Recently I added a couple of fields to my trip reports.I added a YDS rating and an Alpine rating to the 'Trip Details' section. There are other rating systems (i.e. the French system) that are also suited to the task but I want to keep things as simple as I can without compromising too much on usefulness of the ratings. I've also been intrigued for a few years in the Rocky Mountain Rambler Association's rating system. With their permission, I've now added it to explor8ion as well. There is a risk that things get too confusing but better too much information than not enough I suppose! You are free to ignore any or all of my ratings. A summary of the RMRA ratings is given below, after the YDS section.


YDS Rating System


Marko Stavrik sent me a very interesting link to an article about the YDS system. Since it is often used, I will still reference it in my trip reports. There are actually 3 components to a YDS rating and they apply to the crux, the overall route and the level of protection on route as follows;


Class - 1 to 5 from hiking to climbing. There are sub-classes when talking about 5th class climbing.

  • 1 : Walking.
  • 2 : Simple scrambling, occasional use of hands and low chance of injury.
  • 3 : Scrambling with increased exposure. Falling on the crux won't always kill you on class 3, but could.
    • ​Easy to Moderate scrambling
  • 4 : Simple climbing with exposure. Rope can be carried but isn't always used. Falls will likely kill or injure badly on cruxes.
    • Difficult scrambling
  • 5 : Technical climbing with rope and pro usually carried. Unroped falls on crux will kill or severely injure. Subclassed as follows (this is up for some debate and / or sandbagging but you get the gist...);
    • 5.1-5.4 : There are roughly 2 hand and 2 footholds for each move, the holds getting smaller as the grade increases.
    • 5.5-5.6 : The 2 hand and 2 footholds are still there somewhere - but not obvious to the inexperienced climber.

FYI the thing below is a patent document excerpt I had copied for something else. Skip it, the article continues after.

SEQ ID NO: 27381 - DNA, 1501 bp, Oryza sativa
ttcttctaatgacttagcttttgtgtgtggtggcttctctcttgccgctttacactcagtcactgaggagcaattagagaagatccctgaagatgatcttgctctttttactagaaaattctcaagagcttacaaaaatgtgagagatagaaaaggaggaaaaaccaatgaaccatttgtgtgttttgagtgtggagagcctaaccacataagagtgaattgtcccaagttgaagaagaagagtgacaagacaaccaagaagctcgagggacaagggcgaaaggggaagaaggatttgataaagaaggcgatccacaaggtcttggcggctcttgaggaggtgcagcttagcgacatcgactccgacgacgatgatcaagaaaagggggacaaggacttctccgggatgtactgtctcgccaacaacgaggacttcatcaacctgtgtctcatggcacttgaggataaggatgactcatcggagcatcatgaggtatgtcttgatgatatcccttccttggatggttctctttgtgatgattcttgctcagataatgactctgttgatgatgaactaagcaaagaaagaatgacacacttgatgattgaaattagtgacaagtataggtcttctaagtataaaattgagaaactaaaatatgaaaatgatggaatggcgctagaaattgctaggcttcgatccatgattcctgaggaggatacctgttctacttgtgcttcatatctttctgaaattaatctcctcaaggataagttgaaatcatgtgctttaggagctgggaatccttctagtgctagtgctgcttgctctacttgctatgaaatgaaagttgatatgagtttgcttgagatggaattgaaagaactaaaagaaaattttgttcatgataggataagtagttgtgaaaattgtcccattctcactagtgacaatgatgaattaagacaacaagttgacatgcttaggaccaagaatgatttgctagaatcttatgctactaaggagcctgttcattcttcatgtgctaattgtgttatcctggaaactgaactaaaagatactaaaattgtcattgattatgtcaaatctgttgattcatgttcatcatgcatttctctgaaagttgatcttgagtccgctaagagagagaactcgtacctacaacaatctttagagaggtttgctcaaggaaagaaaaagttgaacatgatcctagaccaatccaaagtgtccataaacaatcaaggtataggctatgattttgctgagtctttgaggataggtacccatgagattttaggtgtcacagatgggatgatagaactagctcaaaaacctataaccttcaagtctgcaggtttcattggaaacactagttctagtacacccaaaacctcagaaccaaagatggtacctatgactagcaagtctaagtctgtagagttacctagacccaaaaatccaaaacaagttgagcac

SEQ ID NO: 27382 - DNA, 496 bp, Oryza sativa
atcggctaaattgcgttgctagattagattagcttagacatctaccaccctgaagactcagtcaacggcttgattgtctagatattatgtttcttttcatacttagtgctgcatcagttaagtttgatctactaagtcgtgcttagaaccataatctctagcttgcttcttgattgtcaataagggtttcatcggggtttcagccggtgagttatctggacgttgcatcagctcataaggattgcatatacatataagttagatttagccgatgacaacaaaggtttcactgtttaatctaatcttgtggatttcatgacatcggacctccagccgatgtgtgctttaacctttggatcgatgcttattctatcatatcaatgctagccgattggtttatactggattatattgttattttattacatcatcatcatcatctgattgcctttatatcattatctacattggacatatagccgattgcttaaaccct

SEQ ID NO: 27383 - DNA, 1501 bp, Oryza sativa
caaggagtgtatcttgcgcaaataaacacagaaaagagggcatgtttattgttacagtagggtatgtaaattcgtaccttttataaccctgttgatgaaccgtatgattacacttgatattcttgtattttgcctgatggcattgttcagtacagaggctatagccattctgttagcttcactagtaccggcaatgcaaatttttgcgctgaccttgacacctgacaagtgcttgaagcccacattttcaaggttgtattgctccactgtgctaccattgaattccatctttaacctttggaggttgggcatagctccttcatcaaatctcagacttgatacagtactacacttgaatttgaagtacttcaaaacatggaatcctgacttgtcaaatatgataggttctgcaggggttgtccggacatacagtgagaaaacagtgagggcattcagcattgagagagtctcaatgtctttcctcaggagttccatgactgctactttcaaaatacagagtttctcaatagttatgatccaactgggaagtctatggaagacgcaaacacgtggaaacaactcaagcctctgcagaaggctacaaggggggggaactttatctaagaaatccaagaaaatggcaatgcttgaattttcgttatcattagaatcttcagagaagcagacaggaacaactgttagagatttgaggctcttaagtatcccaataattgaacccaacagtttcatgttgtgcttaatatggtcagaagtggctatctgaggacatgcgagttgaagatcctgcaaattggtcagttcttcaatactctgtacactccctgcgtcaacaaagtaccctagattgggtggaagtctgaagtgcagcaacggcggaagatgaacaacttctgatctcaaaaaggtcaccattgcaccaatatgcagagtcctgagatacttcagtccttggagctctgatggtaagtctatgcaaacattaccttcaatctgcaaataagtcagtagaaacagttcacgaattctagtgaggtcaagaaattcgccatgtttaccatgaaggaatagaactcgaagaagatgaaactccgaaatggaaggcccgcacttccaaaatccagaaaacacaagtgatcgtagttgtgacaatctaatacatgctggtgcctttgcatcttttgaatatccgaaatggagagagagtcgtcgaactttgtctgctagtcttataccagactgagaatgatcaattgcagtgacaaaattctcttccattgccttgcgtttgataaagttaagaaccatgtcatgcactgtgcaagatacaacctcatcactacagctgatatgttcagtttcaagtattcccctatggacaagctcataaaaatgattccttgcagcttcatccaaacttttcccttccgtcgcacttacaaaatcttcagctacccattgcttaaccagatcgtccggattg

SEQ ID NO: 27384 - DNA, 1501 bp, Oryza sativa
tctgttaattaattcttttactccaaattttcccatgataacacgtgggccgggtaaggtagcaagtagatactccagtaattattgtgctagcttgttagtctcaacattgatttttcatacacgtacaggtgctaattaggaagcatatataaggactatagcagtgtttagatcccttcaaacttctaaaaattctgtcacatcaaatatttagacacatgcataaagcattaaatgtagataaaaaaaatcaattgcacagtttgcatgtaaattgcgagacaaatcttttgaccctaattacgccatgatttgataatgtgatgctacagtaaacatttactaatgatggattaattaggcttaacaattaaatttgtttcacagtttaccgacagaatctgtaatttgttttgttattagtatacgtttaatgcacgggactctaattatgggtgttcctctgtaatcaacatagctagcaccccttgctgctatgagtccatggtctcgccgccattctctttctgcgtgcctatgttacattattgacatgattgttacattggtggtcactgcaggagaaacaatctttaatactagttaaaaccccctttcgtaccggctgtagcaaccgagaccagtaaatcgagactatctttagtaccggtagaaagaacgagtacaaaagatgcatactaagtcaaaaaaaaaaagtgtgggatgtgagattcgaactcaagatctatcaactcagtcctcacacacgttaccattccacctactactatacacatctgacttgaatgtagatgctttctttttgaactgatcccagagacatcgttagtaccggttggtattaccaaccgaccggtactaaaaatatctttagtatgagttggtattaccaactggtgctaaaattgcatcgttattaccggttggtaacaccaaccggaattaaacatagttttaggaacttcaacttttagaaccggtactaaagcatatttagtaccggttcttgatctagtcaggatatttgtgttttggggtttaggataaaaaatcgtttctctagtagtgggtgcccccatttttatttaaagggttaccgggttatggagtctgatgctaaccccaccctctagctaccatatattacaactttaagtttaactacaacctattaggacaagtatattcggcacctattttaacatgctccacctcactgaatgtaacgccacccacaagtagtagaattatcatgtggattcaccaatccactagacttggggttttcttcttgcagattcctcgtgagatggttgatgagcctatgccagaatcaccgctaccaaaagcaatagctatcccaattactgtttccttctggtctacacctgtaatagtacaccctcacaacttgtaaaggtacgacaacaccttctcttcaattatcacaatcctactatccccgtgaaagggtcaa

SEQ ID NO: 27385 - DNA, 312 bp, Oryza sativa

• 5.7 : The move is missing 1 handhold or 1 foothold.
    • 5.8 : The move is missing 2 of the 4 holds - or missing only 1 but very strenuous.
    • 5.9 : The move has only 1 reasonable hold for either foot or hand.
    • 5.10 : No hand or footholds. Pretend a hold is there, pray a lot or go home. :)


Grade - I call this the Alpine Rating, basically from Grade I to Grade VII, indicating the length and seriousness of the route and usually applies to mountaineering routes. This rating doesn't apply to class 3 sections or the approach / egress but only to the exposed climbing / scrambling sections with the most risk.

  • I : 1 to 2 hours of climbing
  • II : Less than half a day
  • III : Half a day
  • IV : Full day
  • V : Two day
  • VI : Multi day
  • VII : A week or more


Protection - I ain't good enough to use this rating yet. :) It indicates the level of protection the route offers, from "good" to "no protection".

  • G - Good protection
  • PG - Pretty good
  • PG13 - Not bad but falls will result in minor injury due to length between pro
  • R - Runout. Falls could injure due to distance between good pro placements
  • X - No protection and extremely dangerous. Don't ever fall!


If you're still confused, here's a quote I love from RJ Secor;

  • Class 1 : you fall, you're stupid.
  • Class 2 : you fall, you break your arm.
  • Class 3 : you fall, you break your leg.
  • Class 4 : you fall, you are almost dead (i.e., you can't breath and move your arms, legs, and head).
  • Class 5 : you fall, you are dead.


RMRA Rating System